Robin works with Gully partially as a prisoner, partially as a coconspirator (she is trying to find her sister and mother), partially as a social tutor, and unbeknownst to Gully as an unwitting admirer. There is something within Gully, not charm, not grace, not respect, not anything that we can put our finger on that wins women over to him despite themselves. These are not women looking for rough-trade or a walk on the wildside. It is not their will to self-destruction. There is something else that brings them to love him. Unfortunately he is such an absolute brute in his unwavering quest for vengeance that all are thrown aside -- without his even noticing that they cared. At this point everything that Gully does is calculated toward a single purpose and as far as we can tell he will walk over anyone to get his desired revenge. It is only the reflection in the women around him that give any hint that he might have a redeeming quality. And, each of them despise him in addition to anything softer they may feel. Ultimately each will betray him and contribute to his resurrection.

It is in this section of the book that Gully uses his wits, money and special body augmentation to travel from one adventure to the next, from one planet to the next, from one lead to the next.

Because of a a profound post-hypnotic implant and of his leads that start to talk to him die by heart stoppage. So in a scene giving a full peek inside the heart of Gully he performs open heart surgery on one crew member of the Vorga removing his heart and hooking him up to a heart-lung machine. The man comes to looks down sees his chest gaping open with his heart sitting on the side table. Gully then proceeds to question him about who was responsible for ordering his being left to rot in space. Gully finds out the last lead is the captain now a member of the Skoptsy Colony. The Skoptsy have had all sensory input cut. They live totally within their own heads with no input from the outside world. Gully steals a telepath to get at this last clue.

Meanwhile Gully has fallen in love with Olivia Presteign the other-sighted daughter of his arch-nemisis. Olivia can see in the infrared and microwave but not the visible spectrum. This means she is not able to jaunte. Being jaunte challenged in this world of the future is the absolute worst disability. It is when Gully asks Robin to help him win Olivia's heart that we see through the deep wound this causes that she (who has been raped and mistreated most by Gully in his revenge quest had come to love him too.)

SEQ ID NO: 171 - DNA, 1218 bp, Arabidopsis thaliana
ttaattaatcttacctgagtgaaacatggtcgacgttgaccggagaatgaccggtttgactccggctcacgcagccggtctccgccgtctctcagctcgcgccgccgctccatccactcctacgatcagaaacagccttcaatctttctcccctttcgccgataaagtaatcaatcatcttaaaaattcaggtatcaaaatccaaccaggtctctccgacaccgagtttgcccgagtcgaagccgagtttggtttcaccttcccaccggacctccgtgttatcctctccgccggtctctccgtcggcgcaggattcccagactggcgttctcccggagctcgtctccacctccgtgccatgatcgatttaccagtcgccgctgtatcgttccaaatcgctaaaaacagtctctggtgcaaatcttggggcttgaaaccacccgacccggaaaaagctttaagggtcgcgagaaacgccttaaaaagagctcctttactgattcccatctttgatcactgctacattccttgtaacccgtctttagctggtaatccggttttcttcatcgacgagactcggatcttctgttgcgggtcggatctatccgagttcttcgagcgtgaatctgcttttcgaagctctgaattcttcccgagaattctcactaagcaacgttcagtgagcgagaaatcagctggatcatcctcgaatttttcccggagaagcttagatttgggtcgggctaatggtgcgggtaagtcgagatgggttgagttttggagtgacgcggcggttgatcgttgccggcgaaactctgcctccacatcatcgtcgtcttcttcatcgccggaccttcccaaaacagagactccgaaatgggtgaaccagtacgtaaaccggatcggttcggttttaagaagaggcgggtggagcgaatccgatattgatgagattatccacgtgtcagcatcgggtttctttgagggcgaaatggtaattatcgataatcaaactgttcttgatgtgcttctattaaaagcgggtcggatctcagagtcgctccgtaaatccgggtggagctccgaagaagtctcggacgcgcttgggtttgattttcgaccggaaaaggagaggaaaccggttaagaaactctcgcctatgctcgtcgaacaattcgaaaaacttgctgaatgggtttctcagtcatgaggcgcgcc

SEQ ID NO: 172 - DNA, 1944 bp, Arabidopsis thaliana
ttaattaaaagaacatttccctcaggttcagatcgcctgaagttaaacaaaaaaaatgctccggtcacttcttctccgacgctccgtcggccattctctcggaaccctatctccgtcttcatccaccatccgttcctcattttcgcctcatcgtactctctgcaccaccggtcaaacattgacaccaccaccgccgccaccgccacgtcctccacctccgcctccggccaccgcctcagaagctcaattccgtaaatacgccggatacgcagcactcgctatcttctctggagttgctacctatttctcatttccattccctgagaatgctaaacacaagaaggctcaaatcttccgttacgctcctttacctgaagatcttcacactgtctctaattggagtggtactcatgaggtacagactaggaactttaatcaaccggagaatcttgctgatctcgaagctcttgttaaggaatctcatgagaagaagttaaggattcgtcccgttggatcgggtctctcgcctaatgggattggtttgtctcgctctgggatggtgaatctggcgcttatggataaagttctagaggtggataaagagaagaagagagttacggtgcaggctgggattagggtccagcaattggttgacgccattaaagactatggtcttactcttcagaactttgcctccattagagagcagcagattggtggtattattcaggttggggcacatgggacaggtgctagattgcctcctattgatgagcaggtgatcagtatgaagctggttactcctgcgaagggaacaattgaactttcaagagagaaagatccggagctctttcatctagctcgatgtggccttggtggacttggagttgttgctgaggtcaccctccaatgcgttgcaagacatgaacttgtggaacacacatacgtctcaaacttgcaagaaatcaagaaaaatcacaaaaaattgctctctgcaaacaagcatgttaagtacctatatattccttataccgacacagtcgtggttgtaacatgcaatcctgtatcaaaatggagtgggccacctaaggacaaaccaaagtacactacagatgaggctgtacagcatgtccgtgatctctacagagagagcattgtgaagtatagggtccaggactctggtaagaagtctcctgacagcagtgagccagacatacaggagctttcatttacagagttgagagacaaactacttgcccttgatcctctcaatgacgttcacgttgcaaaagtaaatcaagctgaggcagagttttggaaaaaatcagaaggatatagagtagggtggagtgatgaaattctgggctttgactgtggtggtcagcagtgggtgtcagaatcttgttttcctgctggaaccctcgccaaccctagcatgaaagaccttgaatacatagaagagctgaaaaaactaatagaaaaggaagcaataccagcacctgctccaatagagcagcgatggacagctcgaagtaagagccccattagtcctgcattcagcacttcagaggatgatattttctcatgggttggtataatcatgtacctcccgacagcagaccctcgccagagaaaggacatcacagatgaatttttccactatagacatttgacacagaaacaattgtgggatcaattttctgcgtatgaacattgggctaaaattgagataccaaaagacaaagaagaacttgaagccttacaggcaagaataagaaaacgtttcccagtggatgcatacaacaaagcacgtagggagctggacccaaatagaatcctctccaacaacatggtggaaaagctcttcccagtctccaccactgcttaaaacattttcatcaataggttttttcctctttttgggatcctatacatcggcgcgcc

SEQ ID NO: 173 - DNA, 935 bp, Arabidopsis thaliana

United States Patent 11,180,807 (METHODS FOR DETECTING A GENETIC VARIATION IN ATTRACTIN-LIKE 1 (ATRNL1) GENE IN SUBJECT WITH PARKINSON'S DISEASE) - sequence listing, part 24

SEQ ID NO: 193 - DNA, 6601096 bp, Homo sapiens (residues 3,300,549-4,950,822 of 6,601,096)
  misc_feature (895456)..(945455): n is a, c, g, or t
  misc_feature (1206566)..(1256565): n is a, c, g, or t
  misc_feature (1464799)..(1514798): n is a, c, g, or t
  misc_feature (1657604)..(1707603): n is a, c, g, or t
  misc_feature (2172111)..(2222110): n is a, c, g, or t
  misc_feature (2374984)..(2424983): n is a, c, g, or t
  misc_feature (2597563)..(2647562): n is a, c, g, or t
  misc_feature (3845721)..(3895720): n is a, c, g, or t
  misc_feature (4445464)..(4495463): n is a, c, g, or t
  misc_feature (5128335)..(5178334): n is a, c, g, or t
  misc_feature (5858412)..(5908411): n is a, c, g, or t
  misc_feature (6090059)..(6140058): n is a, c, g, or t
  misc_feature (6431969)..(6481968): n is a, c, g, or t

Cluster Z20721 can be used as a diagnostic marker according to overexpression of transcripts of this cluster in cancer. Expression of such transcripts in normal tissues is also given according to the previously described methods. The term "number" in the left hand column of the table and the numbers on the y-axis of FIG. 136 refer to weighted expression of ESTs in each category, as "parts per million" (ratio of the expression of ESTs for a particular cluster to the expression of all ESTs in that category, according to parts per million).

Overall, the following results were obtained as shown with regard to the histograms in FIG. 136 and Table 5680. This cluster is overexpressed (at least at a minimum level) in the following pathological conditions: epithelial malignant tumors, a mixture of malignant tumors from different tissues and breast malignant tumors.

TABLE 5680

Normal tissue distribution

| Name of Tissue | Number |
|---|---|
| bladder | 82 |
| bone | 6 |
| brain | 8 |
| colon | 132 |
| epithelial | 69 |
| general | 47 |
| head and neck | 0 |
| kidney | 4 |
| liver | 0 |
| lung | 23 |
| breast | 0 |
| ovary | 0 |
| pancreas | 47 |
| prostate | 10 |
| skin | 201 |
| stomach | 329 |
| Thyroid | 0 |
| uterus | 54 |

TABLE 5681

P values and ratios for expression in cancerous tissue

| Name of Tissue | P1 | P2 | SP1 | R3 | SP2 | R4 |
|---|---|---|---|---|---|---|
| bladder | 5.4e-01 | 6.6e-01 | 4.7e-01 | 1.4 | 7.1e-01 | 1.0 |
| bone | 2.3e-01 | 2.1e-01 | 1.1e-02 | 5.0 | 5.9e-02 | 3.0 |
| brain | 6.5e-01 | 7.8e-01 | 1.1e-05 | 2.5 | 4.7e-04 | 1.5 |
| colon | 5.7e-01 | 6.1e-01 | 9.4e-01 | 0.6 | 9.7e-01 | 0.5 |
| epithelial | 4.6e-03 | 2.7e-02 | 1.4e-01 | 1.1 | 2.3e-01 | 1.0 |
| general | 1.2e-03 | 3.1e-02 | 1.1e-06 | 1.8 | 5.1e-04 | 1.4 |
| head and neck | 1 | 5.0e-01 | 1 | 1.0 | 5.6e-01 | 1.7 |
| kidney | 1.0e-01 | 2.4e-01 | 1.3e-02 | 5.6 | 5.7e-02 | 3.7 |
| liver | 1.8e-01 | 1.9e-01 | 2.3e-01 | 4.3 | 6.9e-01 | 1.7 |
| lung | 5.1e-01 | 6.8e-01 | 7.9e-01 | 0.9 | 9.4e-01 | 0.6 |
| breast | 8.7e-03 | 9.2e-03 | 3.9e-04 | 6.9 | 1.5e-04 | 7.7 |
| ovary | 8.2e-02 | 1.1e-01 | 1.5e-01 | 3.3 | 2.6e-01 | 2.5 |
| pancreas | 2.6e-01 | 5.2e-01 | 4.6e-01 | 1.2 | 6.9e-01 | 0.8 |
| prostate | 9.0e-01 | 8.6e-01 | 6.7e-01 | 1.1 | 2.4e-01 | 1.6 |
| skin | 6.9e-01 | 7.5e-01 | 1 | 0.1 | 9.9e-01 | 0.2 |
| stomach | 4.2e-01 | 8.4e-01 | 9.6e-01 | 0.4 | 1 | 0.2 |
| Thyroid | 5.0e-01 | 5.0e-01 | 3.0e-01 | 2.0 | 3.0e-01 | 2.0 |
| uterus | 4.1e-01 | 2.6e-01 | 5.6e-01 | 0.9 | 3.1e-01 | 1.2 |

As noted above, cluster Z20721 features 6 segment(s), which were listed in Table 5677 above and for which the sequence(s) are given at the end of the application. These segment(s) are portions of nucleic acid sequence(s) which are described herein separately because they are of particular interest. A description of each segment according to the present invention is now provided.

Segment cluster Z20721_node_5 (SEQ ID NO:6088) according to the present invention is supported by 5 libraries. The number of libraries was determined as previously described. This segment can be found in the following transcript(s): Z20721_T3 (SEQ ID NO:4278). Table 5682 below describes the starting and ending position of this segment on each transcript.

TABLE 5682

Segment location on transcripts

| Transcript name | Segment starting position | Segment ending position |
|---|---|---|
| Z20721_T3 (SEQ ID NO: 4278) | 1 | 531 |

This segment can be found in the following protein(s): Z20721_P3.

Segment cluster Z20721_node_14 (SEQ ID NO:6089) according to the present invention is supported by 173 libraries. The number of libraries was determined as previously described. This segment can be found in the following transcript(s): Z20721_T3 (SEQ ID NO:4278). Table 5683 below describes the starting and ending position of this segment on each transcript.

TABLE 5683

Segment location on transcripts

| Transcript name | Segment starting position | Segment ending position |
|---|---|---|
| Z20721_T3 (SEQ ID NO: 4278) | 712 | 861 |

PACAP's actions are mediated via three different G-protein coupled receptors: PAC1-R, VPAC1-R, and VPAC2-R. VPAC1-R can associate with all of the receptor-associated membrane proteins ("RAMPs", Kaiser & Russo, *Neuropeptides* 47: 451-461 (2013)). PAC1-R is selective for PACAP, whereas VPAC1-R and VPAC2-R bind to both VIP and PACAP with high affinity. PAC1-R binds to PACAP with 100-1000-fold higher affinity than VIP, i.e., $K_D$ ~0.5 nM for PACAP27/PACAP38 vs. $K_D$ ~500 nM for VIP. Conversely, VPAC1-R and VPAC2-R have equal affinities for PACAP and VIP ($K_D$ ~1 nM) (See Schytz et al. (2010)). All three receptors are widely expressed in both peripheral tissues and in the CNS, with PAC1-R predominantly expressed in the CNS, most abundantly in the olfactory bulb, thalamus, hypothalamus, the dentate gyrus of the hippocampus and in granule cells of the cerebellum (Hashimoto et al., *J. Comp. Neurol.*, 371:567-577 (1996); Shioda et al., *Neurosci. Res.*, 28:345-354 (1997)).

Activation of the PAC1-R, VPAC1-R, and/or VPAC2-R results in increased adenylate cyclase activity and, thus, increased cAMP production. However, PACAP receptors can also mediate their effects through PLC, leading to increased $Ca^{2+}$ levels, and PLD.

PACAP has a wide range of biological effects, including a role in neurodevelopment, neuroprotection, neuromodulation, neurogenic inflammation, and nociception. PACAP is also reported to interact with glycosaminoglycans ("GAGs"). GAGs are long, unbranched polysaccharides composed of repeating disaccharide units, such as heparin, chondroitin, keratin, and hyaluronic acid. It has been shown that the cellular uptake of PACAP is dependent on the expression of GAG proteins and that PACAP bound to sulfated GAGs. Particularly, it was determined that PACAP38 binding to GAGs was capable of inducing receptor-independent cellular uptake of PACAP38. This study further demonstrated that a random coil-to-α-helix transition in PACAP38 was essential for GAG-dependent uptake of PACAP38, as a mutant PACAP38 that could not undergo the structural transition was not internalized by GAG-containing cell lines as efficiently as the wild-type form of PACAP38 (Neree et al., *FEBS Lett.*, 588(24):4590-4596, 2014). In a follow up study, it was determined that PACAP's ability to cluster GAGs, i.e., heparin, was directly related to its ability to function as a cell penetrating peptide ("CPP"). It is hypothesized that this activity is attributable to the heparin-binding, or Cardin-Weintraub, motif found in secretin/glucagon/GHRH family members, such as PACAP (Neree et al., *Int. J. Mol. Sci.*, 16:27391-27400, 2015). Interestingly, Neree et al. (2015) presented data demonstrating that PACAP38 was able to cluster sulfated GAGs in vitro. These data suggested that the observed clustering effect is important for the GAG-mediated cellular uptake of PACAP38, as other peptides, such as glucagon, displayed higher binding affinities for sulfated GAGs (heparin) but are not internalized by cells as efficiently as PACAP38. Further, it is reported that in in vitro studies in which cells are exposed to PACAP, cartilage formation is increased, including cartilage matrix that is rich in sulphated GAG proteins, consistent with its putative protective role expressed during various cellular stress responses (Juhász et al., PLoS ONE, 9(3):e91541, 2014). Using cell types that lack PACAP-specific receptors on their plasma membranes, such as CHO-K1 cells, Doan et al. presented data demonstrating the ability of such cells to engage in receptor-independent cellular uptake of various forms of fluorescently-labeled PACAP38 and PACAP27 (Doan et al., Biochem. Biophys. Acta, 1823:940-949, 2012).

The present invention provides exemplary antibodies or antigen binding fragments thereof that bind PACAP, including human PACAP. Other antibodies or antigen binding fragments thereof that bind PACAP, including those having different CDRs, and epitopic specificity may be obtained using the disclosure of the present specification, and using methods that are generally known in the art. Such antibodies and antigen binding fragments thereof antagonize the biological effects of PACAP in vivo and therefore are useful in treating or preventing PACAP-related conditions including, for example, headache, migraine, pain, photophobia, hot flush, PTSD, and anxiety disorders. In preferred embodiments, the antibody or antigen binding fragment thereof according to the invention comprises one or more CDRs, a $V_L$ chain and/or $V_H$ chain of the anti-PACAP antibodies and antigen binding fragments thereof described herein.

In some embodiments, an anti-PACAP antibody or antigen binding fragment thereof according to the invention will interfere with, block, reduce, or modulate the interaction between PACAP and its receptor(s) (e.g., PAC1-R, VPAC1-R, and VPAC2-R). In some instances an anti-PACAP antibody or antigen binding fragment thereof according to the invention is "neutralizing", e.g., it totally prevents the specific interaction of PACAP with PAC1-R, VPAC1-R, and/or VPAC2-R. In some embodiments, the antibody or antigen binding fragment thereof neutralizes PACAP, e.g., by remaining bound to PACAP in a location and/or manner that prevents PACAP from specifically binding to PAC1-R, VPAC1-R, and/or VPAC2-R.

Also meanwhile, Gully is being visited at key, pivotal points of the plot by a burning man. A man who flickers into existence and out like a candle flame blazing upon each moment of significant history for Gully. We don't find out until the end who this burning man is.

Using the telepath (a pathetic little creature -- a 70 year old baby) to get at the Skoptsy captain of the Vorga Gully finds out that the villain of villains that left him to rot in space was the love of his love the light spark of soft decency dawning in his plot. None other than Olivia the daughter of Presteign. The Presteign family are cursed his a thirst for blood and pirateering. Olivia in a secret venture to quench this thirst from the vile side of her nature had been running refugees from the outer planets to Earth. Accept she would take their money, take their wealth, then throw them naked into space. This is precisely what they were doing with Robin's sister and mother when they came across the Vorga.

Here Gully is hit by two strong shocks. One his pretty-pretty is the monster he is looking for. Two, even if he had been picked up he would have been killed -- scuttled in space to explode blue and naked. So in the end it was the raw luck of the draw. The nature of having the bad fortune to be on the wrong ship at the wrong time and be passed by the wrong ship engaged in the wrong activity. In one blinding moment of revelation he has the new found light at the end of his tunnel ripped away and he has his convenient crutch of someone else to blame ripped away.